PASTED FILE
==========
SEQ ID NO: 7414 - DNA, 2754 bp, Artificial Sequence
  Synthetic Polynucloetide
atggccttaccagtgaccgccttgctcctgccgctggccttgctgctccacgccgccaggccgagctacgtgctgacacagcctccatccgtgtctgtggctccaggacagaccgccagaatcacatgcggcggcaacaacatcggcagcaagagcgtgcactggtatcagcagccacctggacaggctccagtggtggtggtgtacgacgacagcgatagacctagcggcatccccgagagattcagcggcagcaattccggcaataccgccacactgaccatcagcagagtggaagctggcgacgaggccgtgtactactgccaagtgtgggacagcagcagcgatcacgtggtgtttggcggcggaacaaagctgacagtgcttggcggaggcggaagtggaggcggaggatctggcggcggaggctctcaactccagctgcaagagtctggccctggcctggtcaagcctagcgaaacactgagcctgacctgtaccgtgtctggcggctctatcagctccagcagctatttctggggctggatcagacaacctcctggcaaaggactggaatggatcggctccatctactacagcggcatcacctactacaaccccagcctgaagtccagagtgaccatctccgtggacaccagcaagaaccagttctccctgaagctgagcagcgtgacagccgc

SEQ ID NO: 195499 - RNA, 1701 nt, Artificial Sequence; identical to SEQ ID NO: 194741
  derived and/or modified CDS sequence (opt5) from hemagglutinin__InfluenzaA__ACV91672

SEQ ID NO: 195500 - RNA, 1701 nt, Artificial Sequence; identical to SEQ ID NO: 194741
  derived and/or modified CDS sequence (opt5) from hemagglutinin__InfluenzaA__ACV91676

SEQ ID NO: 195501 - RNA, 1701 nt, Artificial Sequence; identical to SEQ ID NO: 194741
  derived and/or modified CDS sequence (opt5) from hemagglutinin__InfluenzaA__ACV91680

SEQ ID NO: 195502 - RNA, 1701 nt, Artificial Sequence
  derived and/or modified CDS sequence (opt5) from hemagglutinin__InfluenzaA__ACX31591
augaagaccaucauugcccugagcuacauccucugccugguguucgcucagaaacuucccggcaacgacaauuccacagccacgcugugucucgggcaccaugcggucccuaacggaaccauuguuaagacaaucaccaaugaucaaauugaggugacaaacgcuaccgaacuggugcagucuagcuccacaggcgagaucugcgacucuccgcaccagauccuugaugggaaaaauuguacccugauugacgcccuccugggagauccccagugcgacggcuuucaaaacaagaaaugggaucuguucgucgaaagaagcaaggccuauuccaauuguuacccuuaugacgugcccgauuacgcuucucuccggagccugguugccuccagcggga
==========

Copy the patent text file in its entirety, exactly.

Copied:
SEQ ID NO: 7414 - DNA, 2754 bp, Artificial Sequence
  Synthetic Polynucloetide
atggccttaccagtgaccgccttgctcctgccgctggccttgctgctccacgccgccaggccgagctacgtgctgacacagcctccatccgtgtctgtggctccaggacagaccgccagaatcacatgcggcggcaacaacatcggcagcaagagcgtgcactggtatcagcagccacctggacaggctccagtggtggtggtgtacgacgacagcgatagacctagcggcatccccgagagattcagcggcagcaattccggcaataccgccacactgaccatcagcagagtggaagctggcgacgaggccgtgtactactgccaagtgtgggacagcagcagcgatcacgtggtgtttggcggcggaacaaagctgacagtgcttggcggaggcggaagtggaggcggaggatctggcggcggaggctctcaactccagctgcaagagtctggccctggcctggtcaagcctagcgaaacactgagcctgacctgtaccgtgtctggcggctctatcagctccagcagctatttctggggctggatcagacaacctcctggcaaaggactggaatggatcggctccatctactacagcggcatcacctactacaaccccagcctgaagtccagagtgaccatctccgtggacaccagcaagaaccagttctccctgaagctgagcagcgtgacagccgc

SEQ ID NO: 195499 - RNA, 1701 nt, Artificial Sequence; identical to SEQ ID NO: 194741
  derived and/or modified CDS sequence (opt5) from hemagglutinin__InfluenzaA__ACV91672

SEQ ID NO: 195500 - RNA, 1701 nt, Artificial Sequence; identical to SEQ ID NO: 194741
  derived and/or modified CDS sequence (opt5) from hemagglutinin__InfluenzaA__ACV91676

SEQ ID NO: 195501 - RNA, 1701 nt, Artificial Sequence; identical to SEQ ID NO: 194741
  derived and/or modified CDS sequence (opt5) from hemagglutinin__InfluenzaA__ACV91680

SEQ ID NO: 195502 - RNA, 1701 nt, Artificial Sequence
  derived and/or modified CDS sequence (opt5) from hemagglutinin__InfluenzaA__ACX31591
augaagaccaucauugcccugagcuacauccucugccugguguucgcucagaaacuucccggcaacgacaauuccacagccacgcugugucucgggcaccaugcggucccuaacggaaccauuguuaagacaaucaccaaugaucaaauugaggugacaaacgcuaccgaacuggugcagucuagcuccacaggcgagaucugcgacucuccgcaccagauccuugaugggaaaaauuguacccugauugacgcccuccugggagauccccagugcgacggcuuucaaaacaagaaaugggaucuguucgucgaaagaagcaaggccuauuccaauuguuacccuuaugacgugcccgauuacgcuucucuccggagccugguugccuccagcggga